As many of you know I am a huge proponent of the COVID vaccine. Not only does it reduce your risk of catching COVID, and getting severely ill from COVID, it also is the only legitimate path to normalcy.

One of the most common counterpoints I hear to the vaccine is that it doesn’t actually prevent you from getting COVID. I believe this narrative gained momentum because several of the vaccine trials focused on infection rate in individuals that had received the vaccine and "severe infection/death" from COVID in vaccinated individuals. The severe infection and death results were most commonly reported by the mainstream media.

Logistically, executing a trial with transmitted infections as the primary endpoint would be very difficult. You would have to test all of the participants contacts on a regular basis to see if they contracted covid and prove it came from the vaccinated individual.

Because of this I commonly hear, “What’s the point? I can still spread COVID if I get it. It's only 90% effective. I’ll take my chances.”

Hmmm...Can you really spread COVID after being vaccinated? Let's look at some data.

**Design**

The study of interest in this post is a simple observation study. It was conducted in a large network of nursing homes. These patients are the most vulnerable not only to the disastrous effects of the virus, but were at the mercy of their environment, which is usually restricted to a confined indoor space.

The researchers simply looked at infection rates pre and post vaccination in vaccinated and unvaccinated individuals. The residents were tested every 3 to 7 days during the vaccination campaign. There was no control group. They did not attempt to compare to infection rates prior to vaccine. This significantly weakens the power of the data. But I highlighted this study because the results were remarkable.

**Results Summary**

There were 18,242 residents that received the vaccine. Roughly 4000 residents elected not to have the vaccine. They received either the Pfizer of Moderna vaccine. After the first dose of the vaccine there were only 822 reported cases out of 18,242 (4.5% failure rate). Two weeks after the 2nd dose there were only 38 reported cases in vaccinated individuals (0.3% failure rate).

The data from unvaccinated individuals was very impressive. There were only 12 cases in 4000 unvaccinated individuals (0.3% infection rate) after day 42.

**My Take**

The vaccine has decimated COVID. The stark change in infection rates is real world evidence of how powerful this technology is. Prior to the vaccine nursing homes were facing 25 infections per 1000 residents per week. This was during the thick of the pandemic with significant restrictions in place. Eating alone in your room, no visitors, no events, couldn’t leave without permission, could only be outside the facility for a short number of hours and this required permission. The network above was likely dealing with 750-1000 infections per week based on an infection rate of 25 infections per 1000 resident (September – December 2020). All the way down to 50 total infections 42 days after completing their vaccine campaign.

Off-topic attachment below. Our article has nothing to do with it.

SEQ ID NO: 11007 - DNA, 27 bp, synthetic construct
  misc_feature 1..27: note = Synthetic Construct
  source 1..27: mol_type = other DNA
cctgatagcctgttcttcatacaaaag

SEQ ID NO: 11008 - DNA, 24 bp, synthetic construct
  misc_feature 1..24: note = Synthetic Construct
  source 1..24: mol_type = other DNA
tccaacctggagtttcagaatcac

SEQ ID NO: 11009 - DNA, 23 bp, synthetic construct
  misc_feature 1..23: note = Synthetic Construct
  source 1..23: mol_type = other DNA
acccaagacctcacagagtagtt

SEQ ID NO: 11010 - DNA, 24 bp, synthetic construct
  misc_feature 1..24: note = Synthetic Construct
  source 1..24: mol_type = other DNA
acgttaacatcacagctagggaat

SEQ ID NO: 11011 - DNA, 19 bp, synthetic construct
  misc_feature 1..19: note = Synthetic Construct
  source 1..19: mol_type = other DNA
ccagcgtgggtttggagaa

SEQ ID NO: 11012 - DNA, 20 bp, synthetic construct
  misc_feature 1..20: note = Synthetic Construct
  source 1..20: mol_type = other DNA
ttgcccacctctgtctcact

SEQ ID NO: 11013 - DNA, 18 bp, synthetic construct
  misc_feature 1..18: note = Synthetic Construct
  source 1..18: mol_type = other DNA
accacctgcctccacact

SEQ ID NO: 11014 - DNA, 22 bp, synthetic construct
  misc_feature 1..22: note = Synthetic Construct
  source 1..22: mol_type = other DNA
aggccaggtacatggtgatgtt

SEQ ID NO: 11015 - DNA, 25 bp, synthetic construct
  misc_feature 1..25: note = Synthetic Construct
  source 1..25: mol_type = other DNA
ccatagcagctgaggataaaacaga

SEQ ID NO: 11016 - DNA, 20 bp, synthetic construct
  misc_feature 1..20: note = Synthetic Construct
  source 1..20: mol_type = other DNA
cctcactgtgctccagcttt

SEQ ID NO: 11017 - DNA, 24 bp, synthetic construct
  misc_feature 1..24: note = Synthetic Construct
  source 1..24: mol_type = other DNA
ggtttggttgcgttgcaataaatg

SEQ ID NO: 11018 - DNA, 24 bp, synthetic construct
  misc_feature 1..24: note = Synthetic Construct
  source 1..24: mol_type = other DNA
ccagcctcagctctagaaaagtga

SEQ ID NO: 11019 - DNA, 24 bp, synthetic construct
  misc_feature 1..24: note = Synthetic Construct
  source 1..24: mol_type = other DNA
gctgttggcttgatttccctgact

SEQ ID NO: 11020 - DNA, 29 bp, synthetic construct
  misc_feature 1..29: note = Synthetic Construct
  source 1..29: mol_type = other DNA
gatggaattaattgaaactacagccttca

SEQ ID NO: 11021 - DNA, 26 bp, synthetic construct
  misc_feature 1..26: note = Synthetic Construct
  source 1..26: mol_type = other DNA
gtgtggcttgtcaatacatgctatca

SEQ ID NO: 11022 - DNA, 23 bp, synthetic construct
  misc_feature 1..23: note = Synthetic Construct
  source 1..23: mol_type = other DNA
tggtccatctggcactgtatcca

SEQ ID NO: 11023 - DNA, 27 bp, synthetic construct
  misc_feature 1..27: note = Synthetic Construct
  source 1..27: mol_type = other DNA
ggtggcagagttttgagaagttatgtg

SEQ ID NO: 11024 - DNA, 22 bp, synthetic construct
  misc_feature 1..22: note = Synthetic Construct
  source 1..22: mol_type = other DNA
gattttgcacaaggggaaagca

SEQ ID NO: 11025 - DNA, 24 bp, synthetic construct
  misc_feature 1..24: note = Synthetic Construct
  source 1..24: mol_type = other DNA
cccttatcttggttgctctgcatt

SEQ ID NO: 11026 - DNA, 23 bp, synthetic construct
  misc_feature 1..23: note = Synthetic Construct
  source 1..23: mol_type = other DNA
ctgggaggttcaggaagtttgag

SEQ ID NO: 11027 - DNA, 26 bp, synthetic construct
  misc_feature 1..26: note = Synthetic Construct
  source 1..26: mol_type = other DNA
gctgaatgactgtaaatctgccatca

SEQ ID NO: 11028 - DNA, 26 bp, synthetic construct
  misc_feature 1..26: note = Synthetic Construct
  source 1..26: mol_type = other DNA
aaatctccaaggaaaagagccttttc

I find this 90% effective argument to be a misunderstanding of how infectious diseases spread.

This 90% effective rate is just for you. It is not for the population. When you have 10 people with a 90% reduction in risk, then the true risk of infection for an unvaccinated individual engaging with these 10 individuals is extremely low. If you have 100 people with a 90% reduction in risk, then the true risk of infection for an unvaccinated individual engaging with these 100 individuals is even lower.

You may recognize this phenomenon. My bringing it up may induce flashbacks and PTSD from calculus class. It’s known as exponential decay. I'm sure you remember the equation.

(y=a(1-b)^x).

AHHHHHHHHHH!!!!

This is why you see the 0.3% failure rate in this observational study instead of a 10% failure rate everyone keeps quoting, even though 4000 individuals passed on the vaccine. As more individuals get vaccinated, there are fewer and fewer hosts, which leads to fewer and fewer infections, and further down the exponential decay tail you go.

It looks something like this.

So, let’s say you have an infection rate of 25 per 1000 "resident weeks" to begin. You have a 90% effective rate. It takes 4 weeks to complete an entire vaccine cycle. What is your rate at 8, 12, 16, and 32 weeks.

8 weeks = 4.0 per 1,000 resident weeks

12 weeks = 1.6 per 1,000 resident weeks

16 weeks = 0.7 per 1,000 resident weeks

32 weeks = 0.1 per 1,000 resident weeks

Does this look familiar to the numbers in the red rectangles above? Math is fun.

So, can you spread COVID after getting the vaccine? The answer is yes but it is highly unlikely.

Can we really get rid of COVID if the vaccine is only 90% effective? YES! We can exponentially decay it to smithereens.

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